Successful Brangus Producer Knows What Customers Want

By Brittni Drennan, IBBA Communications Coordinator

Don and Sherry Atkinson

Anyone who is an expert in marketing will tell you the key to a successful marketing plan is to know your audience. When you know who your audience is, you can better serve them and market a product that fits their needs. Don Atkinson may not claim to be an expert in marketing, but he knows exactly who his customers are and what kind of product will fit the needs of their operation.

“I want my customers to be successful in their endeavors,” Atkinson said. “I know my product and offer customers one type of cow that can thrive in their environment.”

A fourth generation cattleman, Atkinson knew at an early age what his calling was in life. Running cattle has always been a staple and a way of life in his family. Atkinson partnered with his father until his passing in 2001, and Atkinson took full ownership of the business and began ranching full time. His ultimate goal is to be remembered for creating a mother cow that thrives in her environment and maintains longevity.

Together, Atkinson and his wife of almost five years, Sherry, run 240 commercial Brangus cows and some registered Brangus cattle in Mullins, S.C. Atkinson switched to breeding Brangus when he bought his first bull in 1990 from Graham DuBose and John Spitzer. After breeding his commercial herd to the Brangus bull, he realized the advantages Brangus genetics had to offer, especially for the environment he was surrounded by near the east coast.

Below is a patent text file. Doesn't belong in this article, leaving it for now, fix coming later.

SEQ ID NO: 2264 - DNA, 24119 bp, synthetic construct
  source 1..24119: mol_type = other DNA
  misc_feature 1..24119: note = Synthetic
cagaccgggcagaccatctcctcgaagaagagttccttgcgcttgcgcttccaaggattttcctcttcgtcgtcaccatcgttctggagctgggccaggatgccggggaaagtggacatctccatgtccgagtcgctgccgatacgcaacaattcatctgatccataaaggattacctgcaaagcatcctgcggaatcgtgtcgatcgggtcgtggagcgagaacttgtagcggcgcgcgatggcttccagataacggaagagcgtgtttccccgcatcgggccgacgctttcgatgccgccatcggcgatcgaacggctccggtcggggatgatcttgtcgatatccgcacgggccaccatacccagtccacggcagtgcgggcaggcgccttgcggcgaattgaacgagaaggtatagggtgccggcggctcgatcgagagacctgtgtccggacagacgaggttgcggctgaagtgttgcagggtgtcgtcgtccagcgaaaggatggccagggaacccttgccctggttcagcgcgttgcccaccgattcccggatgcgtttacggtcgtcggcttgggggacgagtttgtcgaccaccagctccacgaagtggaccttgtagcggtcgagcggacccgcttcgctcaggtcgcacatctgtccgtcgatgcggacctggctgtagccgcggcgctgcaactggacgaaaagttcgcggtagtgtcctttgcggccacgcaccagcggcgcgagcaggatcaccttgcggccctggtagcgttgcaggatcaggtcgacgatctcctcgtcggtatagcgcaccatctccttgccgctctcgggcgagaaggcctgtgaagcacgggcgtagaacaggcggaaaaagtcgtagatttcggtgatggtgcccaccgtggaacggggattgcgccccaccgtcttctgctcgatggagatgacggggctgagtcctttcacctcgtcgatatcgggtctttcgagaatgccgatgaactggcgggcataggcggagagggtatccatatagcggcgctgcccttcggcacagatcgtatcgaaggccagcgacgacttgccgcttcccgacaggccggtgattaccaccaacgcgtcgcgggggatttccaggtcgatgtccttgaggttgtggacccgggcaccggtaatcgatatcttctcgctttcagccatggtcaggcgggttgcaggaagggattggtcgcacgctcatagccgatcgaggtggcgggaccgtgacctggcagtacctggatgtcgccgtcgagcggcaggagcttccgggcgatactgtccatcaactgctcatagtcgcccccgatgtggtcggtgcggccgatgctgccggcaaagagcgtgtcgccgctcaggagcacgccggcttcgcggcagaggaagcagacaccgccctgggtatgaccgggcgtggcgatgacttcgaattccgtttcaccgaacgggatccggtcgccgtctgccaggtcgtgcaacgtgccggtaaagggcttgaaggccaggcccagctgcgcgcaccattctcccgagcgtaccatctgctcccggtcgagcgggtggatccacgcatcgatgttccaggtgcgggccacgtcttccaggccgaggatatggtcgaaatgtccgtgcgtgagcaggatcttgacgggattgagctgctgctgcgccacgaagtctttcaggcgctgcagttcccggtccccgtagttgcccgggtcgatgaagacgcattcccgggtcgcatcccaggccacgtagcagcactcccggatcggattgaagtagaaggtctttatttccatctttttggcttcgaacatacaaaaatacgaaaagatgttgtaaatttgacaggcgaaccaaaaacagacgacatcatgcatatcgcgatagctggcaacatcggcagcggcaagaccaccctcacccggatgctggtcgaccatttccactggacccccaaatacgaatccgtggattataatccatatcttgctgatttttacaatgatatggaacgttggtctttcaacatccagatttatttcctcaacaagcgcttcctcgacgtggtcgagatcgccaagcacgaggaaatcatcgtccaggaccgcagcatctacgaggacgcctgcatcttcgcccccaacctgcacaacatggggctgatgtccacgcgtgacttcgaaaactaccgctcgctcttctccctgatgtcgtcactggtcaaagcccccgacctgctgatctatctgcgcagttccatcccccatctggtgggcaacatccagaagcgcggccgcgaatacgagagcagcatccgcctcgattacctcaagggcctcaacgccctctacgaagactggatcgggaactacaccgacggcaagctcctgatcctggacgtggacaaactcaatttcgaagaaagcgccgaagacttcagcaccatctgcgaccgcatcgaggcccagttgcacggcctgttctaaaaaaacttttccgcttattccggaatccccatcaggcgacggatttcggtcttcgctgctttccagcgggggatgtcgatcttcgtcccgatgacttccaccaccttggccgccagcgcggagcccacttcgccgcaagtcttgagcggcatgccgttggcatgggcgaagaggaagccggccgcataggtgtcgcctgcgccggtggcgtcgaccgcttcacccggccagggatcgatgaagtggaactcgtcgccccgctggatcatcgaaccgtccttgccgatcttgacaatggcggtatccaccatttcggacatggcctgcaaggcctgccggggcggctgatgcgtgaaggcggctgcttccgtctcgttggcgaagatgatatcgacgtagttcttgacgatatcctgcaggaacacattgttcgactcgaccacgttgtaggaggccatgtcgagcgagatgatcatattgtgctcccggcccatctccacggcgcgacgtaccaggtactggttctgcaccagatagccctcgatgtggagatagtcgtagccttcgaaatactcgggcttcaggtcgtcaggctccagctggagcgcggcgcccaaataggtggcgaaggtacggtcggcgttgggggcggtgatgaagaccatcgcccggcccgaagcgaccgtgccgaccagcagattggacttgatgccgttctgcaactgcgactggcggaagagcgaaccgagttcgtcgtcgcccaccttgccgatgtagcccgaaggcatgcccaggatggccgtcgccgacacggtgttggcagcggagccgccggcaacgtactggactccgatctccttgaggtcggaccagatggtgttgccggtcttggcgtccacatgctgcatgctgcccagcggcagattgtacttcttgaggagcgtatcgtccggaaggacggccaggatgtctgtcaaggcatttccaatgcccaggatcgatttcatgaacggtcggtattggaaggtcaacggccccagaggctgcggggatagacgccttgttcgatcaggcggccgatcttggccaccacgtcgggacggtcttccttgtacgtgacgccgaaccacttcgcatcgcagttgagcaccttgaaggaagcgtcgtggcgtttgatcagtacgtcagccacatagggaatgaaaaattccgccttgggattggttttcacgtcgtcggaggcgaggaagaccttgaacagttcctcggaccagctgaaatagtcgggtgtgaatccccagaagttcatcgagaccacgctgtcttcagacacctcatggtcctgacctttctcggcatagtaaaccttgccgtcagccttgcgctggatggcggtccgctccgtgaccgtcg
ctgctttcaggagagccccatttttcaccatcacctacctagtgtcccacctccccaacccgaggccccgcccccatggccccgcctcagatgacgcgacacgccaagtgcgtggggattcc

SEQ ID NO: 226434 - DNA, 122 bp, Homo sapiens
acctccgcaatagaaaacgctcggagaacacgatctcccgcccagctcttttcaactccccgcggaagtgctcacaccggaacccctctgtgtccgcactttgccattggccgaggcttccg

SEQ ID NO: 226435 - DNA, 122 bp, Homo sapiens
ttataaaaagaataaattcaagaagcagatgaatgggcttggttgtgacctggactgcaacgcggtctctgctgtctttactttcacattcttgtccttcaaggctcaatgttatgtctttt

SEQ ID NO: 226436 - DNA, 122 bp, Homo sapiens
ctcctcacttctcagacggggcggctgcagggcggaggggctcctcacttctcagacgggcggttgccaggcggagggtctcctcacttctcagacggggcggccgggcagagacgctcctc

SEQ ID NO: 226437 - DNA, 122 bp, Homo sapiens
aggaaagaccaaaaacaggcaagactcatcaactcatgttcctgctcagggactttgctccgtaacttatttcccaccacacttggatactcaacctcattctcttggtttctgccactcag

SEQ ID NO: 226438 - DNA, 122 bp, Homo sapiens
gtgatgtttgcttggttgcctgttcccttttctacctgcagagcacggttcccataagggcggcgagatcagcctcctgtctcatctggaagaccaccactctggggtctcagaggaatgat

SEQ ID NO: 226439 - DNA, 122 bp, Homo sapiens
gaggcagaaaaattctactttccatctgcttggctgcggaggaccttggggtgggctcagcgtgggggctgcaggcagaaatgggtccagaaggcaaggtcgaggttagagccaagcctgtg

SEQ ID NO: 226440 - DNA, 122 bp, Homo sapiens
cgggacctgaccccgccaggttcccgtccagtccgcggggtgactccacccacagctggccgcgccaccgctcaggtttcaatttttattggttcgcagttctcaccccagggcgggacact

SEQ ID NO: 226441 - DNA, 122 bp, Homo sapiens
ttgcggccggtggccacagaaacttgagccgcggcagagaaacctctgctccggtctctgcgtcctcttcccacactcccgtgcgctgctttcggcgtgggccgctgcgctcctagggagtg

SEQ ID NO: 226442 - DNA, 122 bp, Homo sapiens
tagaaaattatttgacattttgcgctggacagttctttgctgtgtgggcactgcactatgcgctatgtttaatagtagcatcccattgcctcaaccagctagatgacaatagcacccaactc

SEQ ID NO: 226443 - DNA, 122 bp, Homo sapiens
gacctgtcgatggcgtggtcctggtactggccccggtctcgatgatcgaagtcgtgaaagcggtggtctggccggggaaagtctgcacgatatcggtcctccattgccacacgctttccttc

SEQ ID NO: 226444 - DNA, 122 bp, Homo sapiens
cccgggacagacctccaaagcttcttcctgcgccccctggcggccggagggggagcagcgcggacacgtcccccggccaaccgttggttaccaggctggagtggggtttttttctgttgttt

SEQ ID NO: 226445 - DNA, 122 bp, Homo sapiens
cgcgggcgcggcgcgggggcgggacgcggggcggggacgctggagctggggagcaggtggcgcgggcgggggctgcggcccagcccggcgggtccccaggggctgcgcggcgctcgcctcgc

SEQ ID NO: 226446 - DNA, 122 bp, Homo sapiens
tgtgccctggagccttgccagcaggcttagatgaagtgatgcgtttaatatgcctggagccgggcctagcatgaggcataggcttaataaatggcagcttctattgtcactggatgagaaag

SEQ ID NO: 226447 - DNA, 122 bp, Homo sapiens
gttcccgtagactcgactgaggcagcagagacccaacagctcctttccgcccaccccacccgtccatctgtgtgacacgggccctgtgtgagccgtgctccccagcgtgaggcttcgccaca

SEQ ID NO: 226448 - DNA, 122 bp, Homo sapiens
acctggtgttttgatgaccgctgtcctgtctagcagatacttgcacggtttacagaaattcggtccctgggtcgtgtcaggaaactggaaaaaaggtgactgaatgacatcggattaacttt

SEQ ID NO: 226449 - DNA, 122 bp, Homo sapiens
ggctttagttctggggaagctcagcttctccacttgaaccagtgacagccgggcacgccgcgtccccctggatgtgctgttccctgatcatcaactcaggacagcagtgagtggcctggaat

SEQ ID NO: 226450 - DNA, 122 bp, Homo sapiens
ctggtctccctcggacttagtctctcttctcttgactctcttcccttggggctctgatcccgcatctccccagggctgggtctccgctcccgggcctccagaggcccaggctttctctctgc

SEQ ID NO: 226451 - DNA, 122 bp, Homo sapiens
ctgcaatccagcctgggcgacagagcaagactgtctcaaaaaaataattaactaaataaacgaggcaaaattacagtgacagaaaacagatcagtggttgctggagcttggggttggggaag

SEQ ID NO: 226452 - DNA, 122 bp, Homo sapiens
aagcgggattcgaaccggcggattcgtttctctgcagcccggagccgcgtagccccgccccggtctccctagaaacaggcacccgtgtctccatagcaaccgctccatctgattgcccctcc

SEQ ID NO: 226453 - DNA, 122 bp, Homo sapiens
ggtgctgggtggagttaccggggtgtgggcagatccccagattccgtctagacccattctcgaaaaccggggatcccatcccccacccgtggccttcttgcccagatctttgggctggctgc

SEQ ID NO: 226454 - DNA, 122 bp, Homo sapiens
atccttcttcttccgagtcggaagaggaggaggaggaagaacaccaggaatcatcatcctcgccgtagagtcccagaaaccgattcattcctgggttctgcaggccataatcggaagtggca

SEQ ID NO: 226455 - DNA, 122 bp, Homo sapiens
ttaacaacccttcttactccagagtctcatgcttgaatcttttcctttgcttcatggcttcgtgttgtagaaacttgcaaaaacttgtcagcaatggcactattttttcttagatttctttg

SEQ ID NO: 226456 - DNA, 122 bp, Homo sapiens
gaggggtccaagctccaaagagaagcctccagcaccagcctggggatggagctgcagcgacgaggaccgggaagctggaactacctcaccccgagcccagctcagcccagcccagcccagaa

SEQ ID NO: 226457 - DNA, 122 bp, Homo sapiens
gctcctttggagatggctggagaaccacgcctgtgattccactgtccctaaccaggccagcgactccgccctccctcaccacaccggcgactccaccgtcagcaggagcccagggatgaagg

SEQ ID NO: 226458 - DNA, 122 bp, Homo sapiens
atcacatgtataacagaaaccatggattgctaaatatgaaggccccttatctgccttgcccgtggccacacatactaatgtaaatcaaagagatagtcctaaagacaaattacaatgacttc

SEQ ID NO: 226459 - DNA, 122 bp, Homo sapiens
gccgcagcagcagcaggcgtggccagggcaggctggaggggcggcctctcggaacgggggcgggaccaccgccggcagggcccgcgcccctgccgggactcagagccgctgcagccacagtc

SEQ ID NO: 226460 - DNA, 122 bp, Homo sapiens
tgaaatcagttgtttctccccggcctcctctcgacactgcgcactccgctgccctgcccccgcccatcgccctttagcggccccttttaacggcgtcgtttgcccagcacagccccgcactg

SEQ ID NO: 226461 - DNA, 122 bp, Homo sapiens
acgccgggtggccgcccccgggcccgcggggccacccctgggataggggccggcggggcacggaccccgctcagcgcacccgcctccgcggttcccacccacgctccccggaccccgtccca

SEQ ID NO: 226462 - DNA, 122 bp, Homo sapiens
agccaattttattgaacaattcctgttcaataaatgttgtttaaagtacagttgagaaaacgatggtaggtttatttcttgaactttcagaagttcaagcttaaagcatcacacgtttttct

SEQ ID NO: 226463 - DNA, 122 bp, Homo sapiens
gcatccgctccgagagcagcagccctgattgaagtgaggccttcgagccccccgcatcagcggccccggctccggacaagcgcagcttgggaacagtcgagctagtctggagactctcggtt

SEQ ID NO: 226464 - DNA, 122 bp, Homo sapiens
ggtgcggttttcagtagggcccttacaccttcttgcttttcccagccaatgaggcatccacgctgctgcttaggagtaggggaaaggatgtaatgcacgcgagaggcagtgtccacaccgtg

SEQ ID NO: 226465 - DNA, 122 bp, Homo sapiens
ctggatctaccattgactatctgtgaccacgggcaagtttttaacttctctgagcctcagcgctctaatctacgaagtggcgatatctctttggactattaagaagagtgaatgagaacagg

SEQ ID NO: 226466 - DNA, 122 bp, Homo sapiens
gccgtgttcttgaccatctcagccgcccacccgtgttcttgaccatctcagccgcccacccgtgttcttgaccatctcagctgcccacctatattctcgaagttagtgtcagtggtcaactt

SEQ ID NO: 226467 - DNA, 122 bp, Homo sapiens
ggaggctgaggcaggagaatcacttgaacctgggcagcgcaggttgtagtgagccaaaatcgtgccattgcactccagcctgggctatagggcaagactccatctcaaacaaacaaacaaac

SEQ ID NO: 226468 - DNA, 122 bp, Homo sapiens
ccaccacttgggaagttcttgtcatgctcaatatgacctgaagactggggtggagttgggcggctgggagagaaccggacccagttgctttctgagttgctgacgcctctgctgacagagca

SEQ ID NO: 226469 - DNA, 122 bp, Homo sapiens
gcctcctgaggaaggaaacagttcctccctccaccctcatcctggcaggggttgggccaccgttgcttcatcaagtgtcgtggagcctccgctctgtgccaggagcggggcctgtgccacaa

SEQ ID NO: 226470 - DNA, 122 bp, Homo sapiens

“People need to take advantage of crossbreeding to take advantage of all the opportunities hybrid vigor provides,” Atkinson said. “Crossbreeding allows producers to incorporate all the benefits of improved weaning weights, milk, [intramuscular fat] IMF and others.”

Shortly after buying his first bull and being pleased with his results, Atkinson went to Cow Creek’s Brangus sale in Mocksville, N.C., where he was introduced to Joe Reznicek’s breeding program. Atkinson has now been using genetics from Cow Creek for the last 21 years by utilizing artificial insemination (AI) techniques.

In 2010, Atkinson began breeding his Brangus cows to a registered Angus bull to create Ultrablack calves, following Reznicek’s model. According to Atkinson, his customers in Georgia, Florida, Mississippi and Alabama want purebred Brangus to perform better in a harsher climate. However, Ultrablack cattle enable him to market his Brangus genetics to his customers farther north of the Gulf Coast states.

2012 Weaned Heifer Crop

“If I’m selling to a breeder in Florida, they need to be Brangus to withstand the heat and humidity,” Atkinson said. “Here, not as many people take advantage of the heat tolerance that Brangus provide. They want Ultrablack bulls with a little less percentage Brahman blood. Registered Ultrablacks allow us to introduce Brangus genetics to those who are skeptical.”

Atkinson is especially impressed with the Brangus female’s mothering ability. His selection criteria are very strict because he knows the kind of female he needs based on his environment. Because his females are producing 75-pound calves at birth weight, he needs a tough cow that can perform satisfactorily and work efficiently.